The Buzz: How Young Lost His Shoes and Federer Found His Tactic






DONALD YOUNG – FROM STAN THE MAN TO UZBEKISTAN: The US Davis Cup team is traveling far away to face a new foe – Uzbekistan. And the team will have a new look.

Longtime singles leader John Isner will be staying home, as will the formidable Bryan brothers. Captain Jim Courier named his team: Donald Young (the US Open mini-hero), Jack Sock (big forehand and big faint at the Open) and Southern California veterans Sam Querrey and Steve Johnson. Querrey and Johnson, who beat the Bryans in the first round of the Open and are still in the draw, will probably be our doubles team. It is the third Davis Cup appearance for Young, who lost key matches in San Diego and Great Britain, and the first Davis Cup appearances for Sock and Johnson. Uzbekistan will be led by No. 70 Dennis Istomin who won his first title in Nottingham in June, and No. 116 Lukas Lacko, who lost in the first round of the Open.

BURGER BOMB: Sometimes the promotional push just doesn’t work. On court today, out of nowhere, Brad Gilbert told winner Simona Halep to go out and have a burger at PJ Clarke’s. But the Romanian, who is into the quarters, said she would have to eat healthy until the end of the tourney.

Maria Sharapova‘s high-profile and pricey American Express promotion went flat when the Russian pulled out of the Open before it began. Worse yet was when Am Ex built a huge ad campaign around the mojo of the then-sizzling hot Andy Roddick. But Roddick’s mojo fizzled. He lost in the first round.

ROGER FEDERER – THE BIRTH OF A TACTIC: Federer’s new net-charging tactics have drawn attention and praise. But the tactic wasn’t exactly the product of some thoughtful strategic change. He explained the almost random way he came up with his new approach:

“When I arrived in Cincinnati, I went for a hit…[with] Benoit Paire…We were tired…[and] said, ‘Well, let’s still play some games’…We were just kidding around almost, and I said, ‘Okay, I’m going to chip and charge and just keep the points short. I’m tired. I want to get off the court.’ That’s when I started to run in and hit returns. I hit a couple for winners. They were ridiculous. He laughed, I laughed, [coach] Severin [Luthi] laughed.

Then I did it again in the next practice just to see if it actually would still work again. Then I tried it the next practice and it still worked. That’s when Severin said, ‘Well, what about using it in a match?’ I was like, ‘Really?’ He pushed me to keep using it and to not shy away from it on big moments, and not just because you don’t know how you [will] look with a full stadium. We were always talking about that tactic…[We] came up with that name, Sneak Attack by Roger, SABR. I don’t know. Call it Fed Attack, call it whatever you want, but I thought it was kind of funny…Clearly I’m very happy it worked so well in Cincy.”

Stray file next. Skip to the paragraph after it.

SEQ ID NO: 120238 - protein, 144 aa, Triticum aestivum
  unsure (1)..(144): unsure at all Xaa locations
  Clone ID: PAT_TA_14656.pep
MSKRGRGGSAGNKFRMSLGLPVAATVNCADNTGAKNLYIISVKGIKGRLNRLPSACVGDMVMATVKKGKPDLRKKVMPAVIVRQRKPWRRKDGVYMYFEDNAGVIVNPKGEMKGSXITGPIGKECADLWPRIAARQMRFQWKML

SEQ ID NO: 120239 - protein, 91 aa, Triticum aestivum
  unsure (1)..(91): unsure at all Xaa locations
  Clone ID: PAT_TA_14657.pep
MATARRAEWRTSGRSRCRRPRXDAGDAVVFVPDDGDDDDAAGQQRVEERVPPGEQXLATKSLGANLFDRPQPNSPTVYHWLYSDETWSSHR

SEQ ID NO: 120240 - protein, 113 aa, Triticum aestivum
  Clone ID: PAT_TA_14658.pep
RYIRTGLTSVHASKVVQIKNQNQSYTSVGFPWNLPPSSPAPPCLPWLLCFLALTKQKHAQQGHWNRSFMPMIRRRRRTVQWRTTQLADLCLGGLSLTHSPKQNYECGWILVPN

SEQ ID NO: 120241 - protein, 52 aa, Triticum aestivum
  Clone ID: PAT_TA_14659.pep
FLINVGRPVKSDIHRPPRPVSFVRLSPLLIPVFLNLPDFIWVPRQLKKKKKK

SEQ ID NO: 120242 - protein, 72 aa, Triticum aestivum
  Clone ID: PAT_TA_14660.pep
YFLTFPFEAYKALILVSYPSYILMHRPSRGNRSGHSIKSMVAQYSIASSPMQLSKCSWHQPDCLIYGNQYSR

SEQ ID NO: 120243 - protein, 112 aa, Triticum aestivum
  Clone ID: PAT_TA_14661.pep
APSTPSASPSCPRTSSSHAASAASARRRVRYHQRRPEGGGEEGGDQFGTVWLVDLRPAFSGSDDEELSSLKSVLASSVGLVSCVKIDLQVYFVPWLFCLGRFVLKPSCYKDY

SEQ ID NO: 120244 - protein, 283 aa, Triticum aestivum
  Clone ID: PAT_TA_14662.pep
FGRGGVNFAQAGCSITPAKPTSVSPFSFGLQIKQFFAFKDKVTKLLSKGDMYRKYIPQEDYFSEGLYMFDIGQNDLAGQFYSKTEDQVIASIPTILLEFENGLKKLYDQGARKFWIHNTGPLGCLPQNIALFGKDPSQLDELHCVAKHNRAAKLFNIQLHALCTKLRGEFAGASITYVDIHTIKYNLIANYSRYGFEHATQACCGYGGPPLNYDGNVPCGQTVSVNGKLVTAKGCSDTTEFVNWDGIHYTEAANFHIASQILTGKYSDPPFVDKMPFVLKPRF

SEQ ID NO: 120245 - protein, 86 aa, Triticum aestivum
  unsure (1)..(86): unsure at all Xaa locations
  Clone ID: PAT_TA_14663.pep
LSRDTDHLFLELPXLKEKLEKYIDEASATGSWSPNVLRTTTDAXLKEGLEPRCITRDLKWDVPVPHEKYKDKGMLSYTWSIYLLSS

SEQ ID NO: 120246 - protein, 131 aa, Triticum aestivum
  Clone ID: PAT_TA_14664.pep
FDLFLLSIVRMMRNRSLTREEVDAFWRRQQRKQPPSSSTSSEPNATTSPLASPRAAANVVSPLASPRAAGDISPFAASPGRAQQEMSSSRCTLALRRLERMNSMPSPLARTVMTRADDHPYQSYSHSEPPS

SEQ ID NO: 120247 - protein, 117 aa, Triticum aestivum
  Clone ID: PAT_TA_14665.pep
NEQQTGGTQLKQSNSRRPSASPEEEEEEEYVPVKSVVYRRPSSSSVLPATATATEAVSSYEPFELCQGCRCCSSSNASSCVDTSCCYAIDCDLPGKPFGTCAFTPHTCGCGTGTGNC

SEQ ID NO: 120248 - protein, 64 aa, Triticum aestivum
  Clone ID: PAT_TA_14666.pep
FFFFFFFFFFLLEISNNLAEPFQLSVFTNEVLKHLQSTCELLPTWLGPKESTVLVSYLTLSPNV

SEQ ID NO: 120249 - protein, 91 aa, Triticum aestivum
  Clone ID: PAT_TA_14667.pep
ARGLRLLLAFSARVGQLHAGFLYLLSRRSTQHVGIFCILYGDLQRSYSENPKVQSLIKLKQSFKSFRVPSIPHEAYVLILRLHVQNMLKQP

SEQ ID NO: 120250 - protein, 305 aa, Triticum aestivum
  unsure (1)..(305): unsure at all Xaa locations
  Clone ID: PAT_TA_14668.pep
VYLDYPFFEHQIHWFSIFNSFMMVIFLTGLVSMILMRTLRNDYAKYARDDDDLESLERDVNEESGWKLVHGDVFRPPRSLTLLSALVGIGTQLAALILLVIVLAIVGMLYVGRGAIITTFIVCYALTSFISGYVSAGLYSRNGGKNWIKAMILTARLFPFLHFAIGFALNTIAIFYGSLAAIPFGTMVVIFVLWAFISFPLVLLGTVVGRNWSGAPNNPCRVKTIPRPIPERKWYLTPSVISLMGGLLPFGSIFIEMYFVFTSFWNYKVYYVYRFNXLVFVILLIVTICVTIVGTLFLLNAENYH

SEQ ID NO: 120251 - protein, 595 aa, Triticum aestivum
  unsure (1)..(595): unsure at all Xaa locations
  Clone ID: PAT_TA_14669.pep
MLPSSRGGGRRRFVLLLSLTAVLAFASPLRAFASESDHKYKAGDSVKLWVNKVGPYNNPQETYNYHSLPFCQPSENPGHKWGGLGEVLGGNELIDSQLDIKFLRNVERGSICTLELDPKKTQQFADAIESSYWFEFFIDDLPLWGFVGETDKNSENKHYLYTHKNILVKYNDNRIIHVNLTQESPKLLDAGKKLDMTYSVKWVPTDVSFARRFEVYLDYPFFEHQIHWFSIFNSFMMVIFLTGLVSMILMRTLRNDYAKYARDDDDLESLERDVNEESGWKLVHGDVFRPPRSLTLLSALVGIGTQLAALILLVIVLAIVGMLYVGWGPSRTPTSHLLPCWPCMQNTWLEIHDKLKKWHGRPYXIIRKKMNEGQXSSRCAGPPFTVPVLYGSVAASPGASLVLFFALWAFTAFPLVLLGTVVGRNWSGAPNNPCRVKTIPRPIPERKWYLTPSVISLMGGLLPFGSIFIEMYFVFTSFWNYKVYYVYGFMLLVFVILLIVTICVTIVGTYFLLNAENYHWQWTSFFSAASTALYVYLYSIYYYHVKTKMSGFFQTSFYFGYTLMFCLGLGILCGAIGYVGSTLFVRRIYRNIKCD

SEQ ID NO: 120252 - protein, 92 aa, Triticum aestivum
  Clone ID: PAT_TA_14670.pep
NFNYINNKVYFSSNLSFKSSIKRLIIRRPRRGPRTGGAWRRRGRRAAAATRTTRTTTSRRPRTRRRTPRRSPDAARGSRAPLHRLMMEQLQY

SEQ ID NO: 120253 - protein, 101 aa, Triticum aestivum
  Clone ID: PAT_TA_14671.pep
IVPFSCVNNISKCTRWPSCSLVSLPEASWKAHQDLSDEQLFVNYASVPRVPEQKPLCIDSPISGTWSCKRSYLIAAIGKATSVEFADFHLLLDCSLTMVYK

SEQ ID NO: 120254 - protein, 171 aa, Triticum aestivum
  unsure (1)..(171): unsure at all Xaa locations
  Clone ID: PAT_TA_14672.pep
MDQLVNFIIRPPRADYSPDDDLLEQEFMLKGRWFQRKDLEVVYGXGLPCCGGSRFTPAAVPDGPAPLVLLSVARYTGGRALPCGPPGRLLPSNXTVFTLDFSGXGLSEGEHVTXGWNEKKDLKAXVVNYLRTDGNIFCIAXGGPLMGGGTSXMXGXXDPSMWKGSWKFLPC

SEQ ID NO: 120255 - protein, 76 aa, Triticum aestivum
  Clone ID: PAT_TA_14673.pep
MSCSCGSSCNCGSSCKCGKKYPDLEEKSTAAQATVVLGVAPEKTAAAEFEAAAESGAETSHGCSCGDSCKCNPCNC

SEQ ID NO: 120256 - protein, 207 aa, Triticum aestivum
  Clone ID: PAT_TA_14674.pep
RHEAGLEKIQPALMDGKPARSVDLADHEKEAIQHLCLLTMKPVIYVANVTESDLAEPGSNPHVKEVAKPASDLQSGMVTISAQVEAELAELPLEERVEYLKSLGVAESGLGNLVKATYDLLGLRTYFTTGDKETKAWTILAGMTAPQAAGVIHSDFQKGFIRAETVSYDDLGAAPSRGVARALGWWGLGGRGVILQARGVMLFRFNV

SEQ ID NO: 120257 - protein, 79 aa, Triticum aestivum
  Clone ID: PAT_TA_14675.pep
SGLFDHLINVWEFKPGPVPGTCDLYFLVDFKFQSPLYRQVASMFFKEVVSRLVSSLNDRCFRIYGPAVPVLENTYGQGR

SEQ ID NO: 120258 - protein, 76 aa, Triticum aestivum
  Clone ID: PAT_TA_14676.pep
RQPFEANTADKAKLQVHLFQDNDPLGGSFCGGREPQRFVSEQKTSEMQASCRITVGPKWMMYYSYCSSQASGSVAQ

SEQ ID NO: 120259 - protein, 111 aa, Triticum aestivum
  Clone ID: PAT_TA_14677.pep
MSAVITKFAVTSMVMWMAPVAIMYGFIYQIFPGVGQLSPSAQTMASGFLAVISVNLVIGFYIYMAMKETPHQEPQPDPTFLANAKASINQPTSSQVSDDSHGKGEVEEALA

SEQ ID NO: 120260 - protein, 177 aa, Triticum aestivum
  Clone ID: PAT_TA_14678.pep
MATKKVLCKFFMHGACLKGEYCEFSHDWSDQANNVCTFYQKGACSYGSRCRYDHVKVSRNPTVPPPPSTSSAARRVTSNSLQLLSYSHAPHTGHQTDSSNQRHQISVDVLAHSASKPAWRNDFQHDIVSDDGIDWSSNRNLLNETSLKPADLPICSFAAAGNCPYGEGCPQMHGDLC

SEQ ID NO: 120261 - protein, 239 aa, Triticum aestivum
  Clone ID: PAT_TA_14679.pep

THE GOOD AND BAD IN A LONG JOURNEY: Few have had more ups and downs than Donald Young, who was hyped as a teen, but has suffered daunting losing streaks and this week reached the fourth round of the Open.

Young told IT that the best part of his career has been “the whole journey. I got to learn about myself quite a bit and learn what I’m about, what I have in me, what I don’t, what I like and what I don’t like. Just…maturing quite a bit. To go from winning everything to not winning much to having some success to having no success. It’s been a lot of back and forth. Just the resilient part for me, because I could have easily stopped a while ago and done something else – gone back to school. I said a bunch of times I was going to do that. At the end of the day I don’t play tennis for a few days and I miss it. I love tennis. Without it I don’t know what I would do…What I disliked the most probably was losing those 14 matches in a row from [age] 15 to like 17 [when promoters gave him one wild card after another].

THE ASICS IN THE WHOLE: Someone in the locker room thought Donald Young was out of the tournament and cleared out his locker. So Young didn’t have any shoes, until ASICS stepped up and gave him a couple of pairs. Stan Wawrinka, who beat Young in the fourth round, said, “I’m lucky no one stole anything from my locker yet.”

THE BEST THING ABOUT YOUNG: He’s not young. At 26, Donald Young is just coming into his tennis prime, and has many a good year in front of him.


• “His hair looks to be graying as we speak.” – John McEnroe on Boris Becker, as Becker’s pupil Novak Djokovic lost the first set of his fourth-round match to Roberto Bautista-Agut.

• “[Bud] Collins was Google before it existed.” – Harvey Araton, on the venerable journalist for whom the US Open media center was named.

• “I don’t think we’re going to be…[having] helmet-to-helmet hitting each other or anything.” – Madison Keys, on whether tennis, in light of Genie Bouchard‘s injury, needs concussion protocols.

34, BUT WHO IS COUNTING? Federer is 34, and Serena and Feliciano Lopez will soon reach that age.

GO FIGURE: Novak Djokovic has reached the quarterfinals of 26 straight majors. But Federer holds the record for reaching consecutive Slam quarters: 36.

SAY IT ISN’T SO: Stan Wawrinka said he would no longer wear the celebrated shorts (which look like kitchen towels) that he wore en route to winning the French Open.